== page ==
The Future of Software

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In an article titled Programming: easier, better, faster, stronger. Giuliano Iacobelli of Stamplay writes about how programming might become easier, faster and more reliable in the future while decoupling creation of business logic from the need to write actual code.

It’s an important subject I’ve written about time and time again: How do we make programming more observable and more responsive? How do we allow more people to turn ideas and business processes into software?

As Chris Dixon puts it: Software not only eats the world but software eats software development itself, that is to say: Software development likely is going to re-invent itself by finally getting closer to the age-old vision of programming without coding.

Software such as Eve certainly is a large step in that direction. This kind of tools (hopefully) will allow both software developers and in the end ‘ordinary’ computer users as well to focus on solving the hard problems instead of wasting time on plumbing and boilerplate code. This in turn would allow a lot more people to quickly turn ideas into products and startups, which not unlikely will lead to unparalleled, rapid growth in the information technology industry.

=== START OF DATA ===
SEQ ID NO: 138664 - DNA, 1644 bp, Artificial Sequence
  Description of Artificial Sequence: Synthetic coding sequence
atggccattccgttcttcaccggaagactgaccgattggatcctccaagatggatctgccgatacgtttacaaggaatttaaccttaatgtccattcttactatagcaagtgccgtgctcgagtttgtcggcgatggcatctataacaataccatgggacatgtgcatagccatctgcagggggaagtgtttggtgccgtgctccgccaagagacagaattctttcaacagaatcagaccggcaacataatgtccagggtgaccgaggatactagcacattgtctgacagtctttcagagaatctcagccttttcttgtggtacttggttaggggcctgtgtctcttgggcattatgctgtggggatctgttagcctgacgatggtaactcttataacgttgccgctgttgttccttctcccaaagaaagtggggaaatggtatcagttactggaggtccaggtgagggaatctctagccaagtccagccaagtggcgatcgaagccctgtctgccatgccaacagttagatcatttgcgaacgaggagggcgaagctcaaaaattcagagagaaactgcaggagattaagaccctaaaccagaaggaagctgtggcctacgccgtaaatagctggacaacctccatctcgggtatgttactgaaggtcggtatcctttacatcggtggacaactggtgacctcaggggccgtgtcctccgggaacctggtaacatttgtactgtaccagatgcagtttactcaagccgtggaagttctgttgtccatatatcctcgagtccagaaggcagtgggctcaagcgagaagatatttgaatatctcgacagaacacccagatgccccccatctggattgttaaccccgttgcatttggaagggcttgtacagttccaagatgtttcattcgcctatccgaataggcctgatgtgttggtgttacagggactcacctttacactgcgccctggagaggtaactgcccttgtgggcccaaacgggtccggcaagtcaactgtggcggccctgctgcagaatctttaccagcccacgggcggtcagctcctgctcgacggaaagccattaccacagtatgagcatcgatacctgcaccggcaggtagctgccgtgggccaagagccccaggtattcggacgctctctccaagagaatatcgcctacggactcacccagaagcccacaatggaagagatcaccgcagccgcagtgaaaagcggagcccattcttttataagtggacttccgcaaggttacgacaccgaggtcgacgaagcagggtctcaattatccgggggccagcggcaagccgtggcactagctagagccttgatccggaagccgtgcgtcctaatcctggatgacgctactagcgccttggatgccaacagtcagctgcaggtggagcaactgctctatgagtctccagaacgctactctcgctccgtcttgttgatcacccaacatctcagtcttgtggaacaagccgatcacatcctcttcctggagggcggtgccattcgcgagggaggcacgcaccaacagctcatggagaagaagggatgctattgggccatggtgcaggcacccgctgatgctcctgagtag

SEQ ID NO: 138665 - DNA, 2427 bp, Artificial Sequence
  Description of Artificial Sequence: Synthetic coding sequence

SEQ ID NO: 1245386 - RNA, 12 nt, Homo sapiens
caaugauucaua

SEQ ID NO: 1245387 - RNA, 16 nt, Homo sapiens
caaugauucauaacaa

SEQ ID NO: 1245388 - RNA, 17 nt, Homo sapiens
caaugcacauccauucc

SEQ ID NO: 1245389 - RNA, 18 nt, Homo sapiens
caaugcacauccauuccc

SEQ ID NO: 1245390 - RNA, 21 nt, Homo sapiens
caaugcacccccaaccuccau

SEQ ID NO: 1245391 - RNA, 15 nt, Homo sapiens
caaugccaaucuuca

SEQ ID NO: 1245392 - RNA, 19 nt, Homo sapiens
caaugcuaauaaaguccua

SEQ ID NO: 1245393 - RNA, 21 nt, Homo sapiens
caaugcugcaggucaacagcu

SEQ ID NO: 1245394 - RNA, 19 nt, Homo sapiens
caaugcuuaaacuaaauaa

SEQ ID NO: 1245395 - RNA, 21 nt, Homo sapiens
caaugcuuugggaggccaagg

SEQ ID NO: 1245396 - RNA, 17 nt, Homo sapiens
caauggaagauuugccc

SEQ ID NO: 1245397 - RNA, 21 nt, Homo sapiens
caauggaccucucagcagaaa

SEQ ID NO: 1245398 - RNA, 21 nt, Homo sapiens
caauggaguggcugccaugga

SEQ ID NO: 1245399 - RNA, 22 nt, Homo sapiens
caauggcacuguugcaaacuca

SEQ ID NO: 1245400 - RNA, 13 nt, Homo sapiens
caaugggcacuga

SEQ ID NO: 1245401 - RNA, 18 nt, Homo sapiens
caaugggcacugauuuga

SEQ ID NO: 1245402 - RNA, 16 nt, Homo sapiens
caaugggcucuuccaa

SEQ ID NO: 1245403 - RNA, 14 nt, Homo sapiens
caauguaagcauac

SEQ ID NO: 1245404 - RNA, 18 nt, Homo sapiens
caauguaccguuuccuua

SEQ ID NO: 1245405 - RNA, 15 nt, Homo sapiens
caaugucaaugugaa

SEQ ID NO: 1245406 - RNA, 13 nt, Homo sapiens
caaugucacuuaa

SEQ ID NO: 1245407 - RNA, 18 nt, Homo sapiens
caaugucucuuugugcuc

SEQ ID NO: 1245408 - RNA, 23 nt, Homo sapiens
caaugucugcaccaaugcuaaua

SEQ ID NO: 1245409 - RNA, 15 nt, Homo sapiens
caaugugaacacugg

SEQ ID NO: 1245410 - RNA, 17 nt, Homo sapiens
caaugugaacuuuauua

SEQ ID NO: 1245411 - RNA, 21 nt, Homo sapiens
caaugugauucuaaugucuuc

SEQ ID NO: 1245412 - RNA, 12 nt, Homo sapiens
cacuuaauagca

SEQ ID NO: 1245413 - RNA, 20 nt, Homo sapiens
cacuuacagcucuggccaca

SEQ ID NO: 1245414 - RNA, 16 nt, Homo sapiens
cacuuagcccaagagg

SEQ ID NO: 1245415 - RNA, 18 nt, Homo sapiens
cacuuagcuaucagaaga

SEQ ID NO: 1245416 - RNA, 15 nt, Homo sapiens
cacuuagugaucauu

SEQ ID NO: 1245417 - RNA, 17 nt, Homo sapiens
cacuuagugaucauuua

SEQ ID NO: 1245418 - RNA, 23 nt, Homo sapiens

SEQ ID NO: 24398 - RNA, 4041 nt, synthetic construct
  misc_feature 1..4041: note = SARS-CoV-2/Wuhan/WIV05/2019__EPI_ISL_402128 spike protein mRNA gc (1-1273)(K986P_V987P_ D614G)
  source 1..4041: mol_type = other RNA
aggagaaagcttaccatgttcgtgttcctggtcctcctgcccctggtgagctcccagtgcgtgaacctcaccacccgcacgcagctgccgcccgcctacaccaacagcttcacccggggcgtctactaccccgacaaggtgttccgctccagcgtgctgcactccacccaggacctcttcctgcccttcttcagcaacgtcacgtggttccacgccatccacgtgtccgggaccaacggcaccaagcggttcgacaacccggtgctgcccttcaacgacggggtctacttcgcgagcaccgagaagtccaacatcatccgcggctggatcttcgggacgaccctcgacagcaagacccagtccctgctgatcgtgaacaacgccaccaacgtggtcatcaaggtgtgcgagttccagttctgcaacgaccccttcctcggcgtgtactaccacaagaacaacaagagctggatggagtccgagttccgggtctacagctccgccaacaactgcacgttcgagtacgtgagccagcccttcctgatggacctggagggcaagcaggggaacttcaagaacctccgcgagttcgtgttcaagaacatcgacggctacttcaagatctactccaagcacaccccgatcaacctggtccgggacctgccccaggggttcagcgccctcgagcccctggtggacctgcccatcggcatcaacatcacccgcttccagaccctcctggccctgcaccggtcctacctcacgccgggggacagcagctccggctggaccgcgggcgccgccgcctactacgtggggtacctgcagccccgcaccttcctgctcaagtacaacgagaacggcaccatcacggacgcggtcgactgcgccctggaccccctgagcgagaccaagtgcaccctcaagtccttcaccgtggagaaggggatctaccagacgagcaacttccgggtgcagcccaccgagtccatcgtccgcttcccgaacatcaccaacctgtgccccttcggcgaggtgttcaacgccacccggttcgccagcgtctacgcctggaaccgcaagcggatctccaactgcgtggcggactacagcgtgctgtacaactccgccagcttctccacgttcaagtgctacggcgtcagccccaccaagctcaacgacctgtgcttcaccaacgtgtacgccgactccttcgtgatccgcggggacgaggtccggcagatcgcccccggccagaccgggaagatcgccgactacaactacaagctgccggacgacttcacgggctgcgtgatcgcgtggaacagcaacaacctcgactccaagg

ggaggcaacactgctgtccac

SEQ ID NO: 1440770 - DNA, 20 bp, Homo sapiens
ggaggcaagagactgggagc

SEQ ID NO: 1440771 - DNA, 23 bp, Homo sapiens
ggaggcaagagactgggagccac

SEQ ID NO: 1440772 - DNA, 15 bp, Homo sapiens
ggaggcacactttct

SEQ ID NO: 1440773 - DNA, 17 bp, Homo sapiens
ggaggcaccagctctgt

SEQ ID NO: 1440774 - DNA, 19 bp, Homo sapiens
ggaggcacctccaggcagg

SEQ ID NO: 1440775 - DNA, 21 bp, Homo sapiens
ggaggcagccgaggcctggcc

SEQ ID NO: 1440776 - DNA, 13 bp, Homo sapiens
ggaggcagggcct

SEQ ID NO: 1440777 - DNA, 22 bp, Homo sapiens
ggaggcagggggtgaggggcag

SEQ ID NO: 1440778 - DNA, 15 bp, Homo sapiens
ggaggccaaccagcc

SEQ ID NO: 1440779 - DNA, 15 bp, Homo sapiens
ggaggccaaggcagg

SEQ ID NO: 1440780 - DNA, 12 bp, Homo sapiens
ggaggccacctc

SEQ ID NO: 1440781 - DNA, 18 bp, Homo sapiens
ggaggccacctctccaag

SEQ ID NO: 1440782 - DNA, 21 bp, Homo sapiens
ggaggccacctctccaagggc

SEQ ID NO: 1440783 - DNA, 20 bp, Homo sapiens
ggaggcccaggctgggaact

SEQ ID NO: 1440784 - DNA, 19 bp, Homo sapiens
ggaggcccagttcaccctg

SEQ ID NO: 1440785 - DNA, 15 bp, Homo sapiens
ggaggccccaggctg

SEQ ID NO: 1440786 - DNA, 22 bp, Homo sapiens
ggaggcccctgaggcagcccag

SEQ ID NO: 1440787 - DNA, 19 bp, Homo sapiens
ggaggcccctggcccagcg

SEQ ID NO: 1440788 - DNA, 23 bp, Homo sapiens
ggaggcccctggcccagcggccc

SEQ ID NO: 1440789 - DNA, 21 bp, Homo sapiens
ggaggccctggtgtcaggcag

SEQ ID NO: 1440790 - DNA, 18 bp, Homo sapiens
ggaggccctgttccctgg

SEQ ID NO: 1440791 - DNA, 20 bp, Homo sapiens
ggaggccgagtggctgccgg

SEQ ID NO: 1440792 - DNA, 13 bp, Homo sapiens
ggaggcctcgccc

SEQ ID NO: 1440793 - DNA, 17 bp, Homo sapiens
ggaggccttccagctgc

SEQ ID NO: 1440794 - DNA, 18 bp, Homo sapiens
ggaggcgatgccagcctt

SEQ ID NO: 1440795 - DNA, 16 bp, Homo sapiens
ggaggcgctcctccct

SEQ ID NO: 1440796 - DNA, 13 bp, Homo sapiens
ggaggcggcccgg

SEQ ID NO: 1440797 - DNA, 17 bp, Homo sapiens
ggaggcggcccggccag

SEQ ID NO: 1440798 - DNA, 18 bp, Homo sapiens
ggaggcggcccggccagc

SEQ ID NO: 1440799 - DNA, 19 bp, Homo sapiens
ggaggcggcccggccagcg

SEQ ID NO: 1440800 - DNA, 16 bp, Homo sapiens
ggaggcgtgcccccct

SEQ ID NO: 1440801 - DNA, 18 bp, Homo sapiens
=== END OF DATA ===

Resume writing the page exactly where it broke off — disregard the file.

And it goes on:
To quote Giuliano:

  • People will learn how to program and not how to code instead.
  • People will be empowered to create faster.
  • People will focus on solving the hard problems without wasting time with the plumbing.
  • People will unleash thousands of new startups because this friction will be gone.

This is not some lofty far-off vision. Tools such as Prelang or Rails Composer allow you to create web apps (of the Rails variety in this case) using a graphical user interface or pre-packaged applications templates, respectively. You still have to code the details of your business logic but those tools both minimize the initial effort for setting up an application and make sure the selected components work together nicely.

We sure live in interesting times and the opportunities in software development and computation are far from exhausted.

About the author: Bjoern
Independent IT consultant, entrepreneur

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